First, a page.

When Chris Hundley was 10 years old, he remembers being fascinated by the Los Angeles Airport. “I told my Dad that the airport was exciting,” says Hundley. “People were coming and going constantly. I felt incredible energy. I remember saying that I wanted to be involved somehow in the transportation business.”
In 1977, with a used Bradford Coach Lincoln limousine, Hundley’s dream became a reality. His business, The Limousine Connection in Los Angeles, CA, was finally open.
“I started with my Dad,” says Hundley. “We bought our first new limousine in 1979, an Armbruster-Stageway Cadillac. It had a two-tone paint job which was the big thing at the time.”
Hundley focused almost exclusively on special occasion work. This is an exciting city and people liked to go out on the town,” he says “There was no sedan industry at that time and almost no corporate clientele.”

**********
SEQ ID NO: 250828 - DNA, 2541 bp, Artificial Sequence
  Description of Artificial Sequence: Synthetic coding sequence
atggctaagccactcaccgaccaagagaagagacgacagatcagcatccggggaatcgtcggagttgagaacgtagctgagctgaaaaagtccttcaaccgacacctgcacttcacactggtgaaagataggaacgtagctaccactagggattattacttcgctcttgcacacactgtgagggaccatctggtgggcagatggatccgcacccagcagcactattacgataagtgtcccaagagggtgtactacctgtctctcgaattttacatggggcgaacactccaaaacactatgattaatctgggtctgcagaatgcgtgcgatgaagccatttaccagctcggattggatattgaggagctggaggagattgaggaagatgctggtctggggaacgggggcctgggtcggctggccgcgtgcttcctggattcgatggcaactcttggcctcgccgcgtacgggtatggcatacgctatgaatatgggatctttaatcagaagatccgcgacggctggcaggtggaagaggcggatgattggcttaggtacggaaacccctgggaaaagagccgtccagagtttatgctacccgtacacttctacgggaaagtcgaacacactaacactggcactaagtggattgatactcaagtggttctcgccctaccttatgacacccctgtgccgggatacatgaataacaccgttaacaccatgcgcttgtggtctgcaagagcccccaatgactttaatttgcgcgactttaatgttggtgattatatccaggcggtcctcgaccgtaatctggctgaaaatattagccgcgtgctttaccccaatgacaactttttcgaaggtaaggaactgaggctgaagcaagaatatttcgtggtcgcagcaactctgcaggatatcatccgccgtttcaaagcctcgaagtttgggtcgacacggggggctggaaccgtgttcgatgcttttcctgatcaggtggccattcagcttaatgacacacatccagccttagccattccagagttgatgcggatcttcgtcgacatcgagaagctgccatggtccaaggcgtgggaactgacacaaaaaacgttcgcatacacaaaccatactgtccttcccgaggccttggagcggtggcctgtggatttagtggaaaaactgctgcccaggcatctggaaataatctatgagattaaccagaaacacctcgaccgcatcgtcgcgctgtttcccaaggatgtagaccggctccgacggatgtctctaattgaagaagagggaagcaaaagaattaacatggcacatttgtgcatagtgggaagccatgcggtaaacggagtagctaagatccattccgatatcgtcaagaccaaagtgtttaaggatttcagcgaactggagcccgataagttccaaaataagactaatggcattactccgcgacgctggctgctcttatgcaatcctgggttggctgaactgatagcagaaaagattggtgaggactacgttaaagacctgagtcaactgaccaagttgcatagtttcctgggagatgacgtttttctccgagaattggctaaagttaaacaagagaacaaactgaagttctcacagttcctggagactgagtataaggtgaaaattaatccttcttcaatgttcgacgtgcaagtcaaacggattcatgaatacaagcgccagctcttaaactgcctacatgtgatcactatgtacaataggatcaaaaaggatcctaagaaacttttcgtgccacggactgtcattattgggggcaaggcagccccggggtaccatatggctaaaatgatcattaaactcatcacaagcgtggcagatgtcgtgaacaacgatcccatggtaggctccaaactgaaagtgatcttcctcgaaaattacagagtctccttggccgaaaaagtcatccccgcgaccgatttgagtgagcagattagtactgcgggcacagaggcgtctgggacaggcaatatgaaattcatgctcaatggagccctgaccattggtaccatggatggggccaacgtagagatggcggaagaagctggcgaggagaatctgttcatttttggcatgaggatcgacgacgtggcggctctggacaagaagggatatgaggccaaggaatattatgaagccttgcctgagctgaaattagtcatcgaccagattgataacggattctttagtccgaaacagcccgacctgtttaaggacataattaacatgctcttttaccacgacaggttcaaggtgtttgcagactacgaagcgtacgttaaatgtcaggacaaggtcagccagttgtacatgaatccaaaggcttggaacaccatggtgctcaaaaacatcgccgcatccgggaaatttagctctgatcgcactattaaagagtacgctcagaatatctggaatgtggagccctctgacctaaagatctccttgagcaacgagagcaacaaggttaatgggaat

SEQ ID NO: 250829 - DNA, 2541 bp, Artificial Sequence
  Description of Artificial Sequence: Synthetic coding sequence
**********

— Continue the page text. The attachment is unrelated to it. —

Hundley’s first business card reveals how far the stretch limousine has come.
“The Limousine Connection ...take a ride in our new 42-inch stretch.”
“At that time, the only available limousines were 36-inch conversions,” says Hundley. “When I saw the first 60- inch conversion, I was astonished.”
Hundley is also amazed at how the business has evolved. “We have eight sedans now, as well as 10 limousines and three buses,” he says. “There was a time where no one would consider renting a sedan.”
Today, the Limousine Connection has a large corporate clientele with many long-term clients and employees, “We have an office manager and several chauffeurs who have been with us for more than 15 years,” says Hundley. “We have prospered by taking good care of our clients and our employees.”
Hundley is concerned about certain industry issues. “I don’t think we have enough qualified chauffeurs to drive all of these big vehicles,” he says. “I believe a Commercial Drivers License should be mandatory in our business. I have also noticed that the quality of chauffeur applicant has declined over the years. I see too many applicants who do not dress well and who act inappropriately.”
However, Hundley still enjoys his work. “I like the pulse of the business,” he says. “No two days are alike. The key is that when things go wrong, don’t get bitter, get better.”